Back in August we planted our first round of greens that will be ready to harvest in November and December. Now is a good time to plant a second round of greens that will grow through the winter. Collard greens and kale will be able to withstand most winter cold in our part of the Carolina. I have seen bitter cold mornings with my collards dark green, wilted and frozen… only to see them perk up in the cool afternoon sunshine.
Collard greens should be a staple in any Carolina vegetable garden. While collards will grow year-round in the Carolinas, they really do best in the cool season. They grow slower in cooler weather and are less likely to bolt. Plus, there are caterpillars that will eat collards in the summer. These pests are limited in cooler weather.
Collards planted in October or November will grow all winter long, and you can just pick a few leaves every time you want some, instead of chopping down the whole plant.
In October it is still warm enough to plant collards from seed, but you can also use transplants. Plant the seeds ¼ to ½ inch deep. Seeds planted deeper than ½ inch may not germinate, so do not plant them too deep. Collards should be planted about a foot apart in rows 18-36 inches apart. Keep the soil watered until the seedlings become established.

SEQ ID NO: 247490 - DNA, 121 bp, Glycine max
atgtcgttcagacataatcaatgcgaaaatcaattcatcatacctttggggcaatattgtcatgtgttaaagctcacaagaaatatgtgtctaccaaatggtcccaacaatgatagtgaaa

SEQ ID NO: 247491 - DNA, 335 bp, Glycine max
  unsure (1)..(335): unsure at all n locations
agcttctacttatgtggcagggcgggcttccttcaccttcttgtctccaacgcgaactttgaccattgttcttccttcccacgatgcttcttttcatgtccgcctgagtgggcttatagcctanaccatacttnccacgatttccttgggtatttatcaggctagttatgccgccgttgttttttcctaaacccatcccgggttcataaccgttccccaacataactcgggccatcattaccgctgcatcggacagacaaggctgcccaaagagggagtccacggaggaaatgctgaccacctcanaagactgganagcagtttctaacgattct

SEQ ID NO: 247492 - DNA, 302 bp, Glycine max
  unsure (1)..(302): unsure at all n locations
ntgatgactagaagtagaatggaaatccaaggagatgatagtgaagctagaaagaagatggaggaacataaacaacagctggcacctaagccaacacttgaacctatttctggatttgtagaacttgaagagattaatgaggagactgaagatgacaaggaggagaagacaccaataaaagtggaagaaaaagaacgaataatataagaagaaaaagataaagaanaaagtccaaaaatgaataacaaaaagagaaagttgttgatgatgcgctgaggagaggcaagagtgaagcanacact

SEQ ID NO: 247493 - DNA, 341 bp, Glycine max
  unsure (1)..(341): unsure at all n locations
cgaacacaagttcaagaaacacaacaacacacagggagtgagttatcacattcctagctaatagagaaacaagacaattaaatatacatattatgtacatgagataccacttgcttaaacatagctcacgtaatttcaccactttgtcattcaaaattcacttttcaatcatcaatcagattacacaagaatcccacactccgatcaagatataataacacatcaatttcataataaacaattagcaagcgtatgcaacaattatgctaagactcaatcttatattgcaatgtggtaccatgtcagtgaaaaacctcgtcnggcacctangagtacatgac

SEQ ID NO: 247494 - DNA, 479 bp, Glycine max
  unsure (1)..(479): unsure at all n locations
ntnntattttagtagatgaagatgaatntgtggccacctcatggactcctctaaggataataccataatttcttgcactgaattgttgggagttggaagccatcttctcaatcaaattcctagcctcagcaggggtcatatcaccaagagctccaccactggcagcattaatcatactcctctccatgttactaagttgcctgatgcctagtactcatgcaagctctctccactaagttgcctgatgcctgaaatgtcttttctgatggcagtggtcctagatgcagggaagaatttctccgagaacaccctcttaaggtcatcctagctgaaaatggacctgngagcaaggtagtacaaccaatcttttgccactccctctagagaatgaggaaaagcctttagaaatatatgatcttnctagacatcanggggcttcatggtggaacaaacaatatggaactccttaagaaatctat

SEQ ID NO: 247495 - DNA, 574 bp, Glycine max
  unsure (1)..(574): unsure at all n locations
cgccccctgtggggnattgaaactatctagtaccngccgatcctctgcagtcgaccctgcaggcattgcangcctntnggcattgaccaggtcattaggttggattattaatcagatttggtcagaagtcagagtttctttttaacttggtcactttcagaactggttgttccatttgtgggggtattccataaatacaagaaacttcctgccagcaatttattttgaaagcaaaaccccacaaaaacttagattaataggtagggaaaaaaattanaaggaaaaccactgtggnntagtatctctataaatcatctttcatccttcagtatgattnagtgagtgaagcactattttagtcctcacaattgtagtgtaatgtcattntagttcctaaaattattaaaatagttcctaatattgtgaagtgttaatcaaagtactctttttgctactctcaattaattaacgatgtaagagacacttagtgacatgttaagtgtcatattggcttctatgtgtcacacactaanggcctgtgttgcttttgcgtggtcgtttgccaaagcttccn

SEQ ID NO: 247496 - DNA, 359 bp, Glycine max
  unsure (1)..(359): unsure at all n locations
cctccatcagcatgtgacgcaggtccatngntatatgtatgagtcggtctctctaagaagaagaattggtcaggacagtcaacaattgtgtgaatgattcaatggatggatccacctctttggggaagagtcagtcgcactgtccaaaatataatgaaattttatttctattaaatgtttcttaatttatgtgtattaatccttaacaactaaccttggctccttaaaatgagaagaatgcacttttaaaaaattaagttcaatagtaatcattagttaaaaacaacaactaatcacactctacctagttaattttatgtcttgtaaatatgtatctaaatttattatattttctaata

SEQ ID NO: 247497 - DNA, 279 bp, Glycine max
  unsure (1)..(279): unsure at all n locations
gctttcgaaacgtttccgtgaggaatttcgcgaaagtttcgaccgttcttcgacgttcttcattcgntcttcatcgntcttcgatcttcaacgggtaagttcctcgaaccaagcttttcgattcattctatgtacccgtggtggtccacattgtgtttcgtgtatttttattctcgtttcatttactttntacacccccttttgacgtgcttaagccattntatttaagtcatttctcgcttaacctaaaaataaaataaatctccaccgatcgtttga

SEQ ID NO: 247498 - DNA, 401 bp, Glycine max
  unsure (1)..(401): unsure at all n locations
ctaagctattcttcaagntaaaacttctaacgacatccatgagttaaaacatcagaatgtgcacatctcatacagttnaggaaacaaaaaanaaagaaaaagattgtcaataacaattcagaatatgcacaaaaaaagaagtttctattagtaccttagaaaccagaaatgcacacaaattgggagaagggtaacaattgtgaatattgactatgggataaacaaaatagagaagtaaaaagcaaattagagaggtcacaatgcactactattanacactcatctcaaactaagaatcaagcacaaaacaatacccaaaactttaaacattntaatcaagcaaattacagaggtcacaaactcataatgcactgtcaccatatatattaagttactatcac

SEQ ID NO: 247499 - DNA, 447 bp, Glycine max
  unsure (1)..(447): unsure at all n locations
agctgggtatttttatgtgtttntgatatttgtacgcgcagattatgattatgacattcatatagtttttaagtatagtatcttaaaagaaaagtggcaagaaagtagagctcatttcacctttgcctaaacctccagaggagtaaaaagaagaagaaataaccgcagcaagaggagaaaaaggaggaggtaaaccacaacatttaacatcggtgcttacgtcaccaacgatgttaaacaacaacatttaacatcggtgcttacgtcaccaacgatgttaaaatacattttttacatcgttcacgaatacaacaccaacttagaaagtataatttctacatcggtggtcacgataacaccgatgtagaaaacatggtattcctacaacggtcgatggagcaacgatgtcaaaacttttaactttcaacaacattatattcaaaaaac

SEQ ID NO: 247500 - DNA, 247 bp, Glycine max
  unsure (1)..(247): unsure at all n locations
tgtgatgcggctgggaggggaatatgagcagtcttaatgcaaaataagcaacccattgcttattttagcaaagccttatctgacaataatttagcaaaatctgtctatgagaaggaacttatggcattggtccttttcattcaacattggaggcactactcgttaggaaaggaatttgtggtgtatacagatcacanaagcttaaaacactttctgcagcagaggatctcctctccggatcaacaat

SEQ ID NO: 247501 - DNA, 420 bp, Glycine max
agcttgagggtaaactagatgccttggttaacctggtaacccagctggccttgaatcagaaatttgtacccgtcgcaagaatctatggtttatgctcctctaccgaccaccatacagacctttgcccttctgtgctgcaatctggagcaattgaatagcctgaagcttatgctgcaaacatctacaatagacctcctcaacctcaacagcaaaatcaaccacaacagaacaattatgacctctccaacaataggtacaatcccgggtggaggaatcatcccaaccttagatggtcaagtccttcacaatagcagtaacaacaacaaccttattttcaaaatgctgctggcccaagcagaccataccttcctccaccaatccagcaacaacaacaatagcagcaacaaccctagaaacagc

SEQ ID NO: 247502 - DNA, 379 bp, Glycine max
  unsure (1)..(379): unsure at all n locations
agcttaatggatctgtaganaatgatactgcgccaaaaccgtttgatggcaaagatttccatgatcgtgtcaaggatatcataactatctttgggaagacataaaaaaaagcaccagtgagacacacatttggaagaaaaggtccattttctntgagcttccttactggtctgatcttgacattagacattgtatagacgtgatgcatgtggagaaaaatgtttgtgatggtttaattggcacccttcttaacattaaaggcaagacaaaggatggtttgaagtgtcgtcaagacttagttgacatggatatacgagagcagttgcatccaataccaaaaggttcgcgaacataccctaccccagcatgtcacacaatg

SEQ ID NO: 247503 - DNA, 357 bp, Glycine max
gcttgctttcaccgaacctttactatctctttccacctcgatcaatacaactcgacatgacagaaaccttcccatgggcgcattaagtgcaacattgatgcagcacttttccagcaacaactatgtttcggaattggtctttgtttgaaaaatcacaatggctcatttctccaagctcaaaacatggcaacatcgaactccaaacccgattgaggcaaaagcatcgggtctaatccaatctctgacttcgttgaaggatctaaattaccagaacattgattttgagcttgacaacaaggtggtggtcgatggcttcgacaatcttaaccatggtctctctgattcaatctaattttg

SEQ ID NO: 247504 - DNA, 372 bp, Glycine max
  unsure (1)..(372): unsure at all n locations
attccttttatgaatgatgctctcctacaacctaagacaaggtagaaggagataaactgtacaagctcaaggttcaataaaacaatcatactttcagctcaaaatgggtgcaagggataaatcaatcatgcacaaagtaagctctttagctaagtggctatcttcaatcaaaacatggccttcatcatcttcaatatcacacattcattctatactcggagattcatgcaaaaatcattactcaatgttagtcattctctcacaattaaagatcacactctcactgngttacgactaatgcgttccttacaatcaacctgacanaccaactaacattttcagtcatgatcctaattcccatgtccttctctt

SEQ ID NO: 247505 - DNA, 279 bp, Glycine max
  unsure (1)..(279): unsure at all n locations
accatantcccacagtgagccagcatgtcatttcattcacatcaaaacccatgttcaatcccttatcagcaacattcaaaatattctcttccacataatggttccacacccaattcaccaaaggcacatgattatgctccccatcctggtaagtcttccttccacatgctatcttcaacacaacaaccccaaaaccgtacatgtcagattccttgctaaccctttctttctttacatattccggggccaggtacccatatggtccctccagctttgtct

Since our weather in the cool season is not consistently cool, it is important to find a variety that is resistant to bolting. When weather warms up after a prolonged cool spell, the plant can grow very quickly, and can go to seed. Most cultivars are bred to avoid this, but it can be helpful to make sure before planting.
Collard greens are ready to harvest 60-80 days after planting. The whole plant can be cut at harvest, or individual leaves can be picked, a few at a time off multiple plants. This will extend the growing season, especially in cool weather.
Kale is another good winter green. Kale will grow slower in cool winter weather, and it can be kept in the garden all winter long. The plant can withstand frost, and while it can be nipped in very cold weather, the cold tends to sweeten the leaves. The larger, outer leaves can be picked one at a time, so you can harvest some and keep the inner part of the plant growing to keep producing.
Kale plants are fairly large, and the plants need room. Plan on having the plants grow about a foot apart from each other. Plant the seeds between ¼ inch and ½ inch deep. Seeds deeper than ½ inch will not germinate.
Cabbage is a cool season veggie that can be planted in either the fall or early spring. When planted in the spring it is best to use transplants, but in the fall, directly sowing seeds works well. Cabbages get pretty big, and they need a lot of room. If you crowd them together, they tend to grow smaller… so plant them a foot or so apart.
Cabbage seeds planted in October will grow through the winter, but probably will not mature until early spring. Once we get to November and beyond, our weather will be mostly cool, and growth will slow down. Cabbages are very cold hearty, and can withstand temperatures down to 18-20 degrees.
Kohlrabi is fun to have in the garden, it grows a bulb like a turnip, but instead of the bulb growing underground, it grows on top of the soil. It adds an interesting look to the garden, and they are tasty. Kohlrabi seeds germinate in 12-14 days and are ready to harvest in 55 days.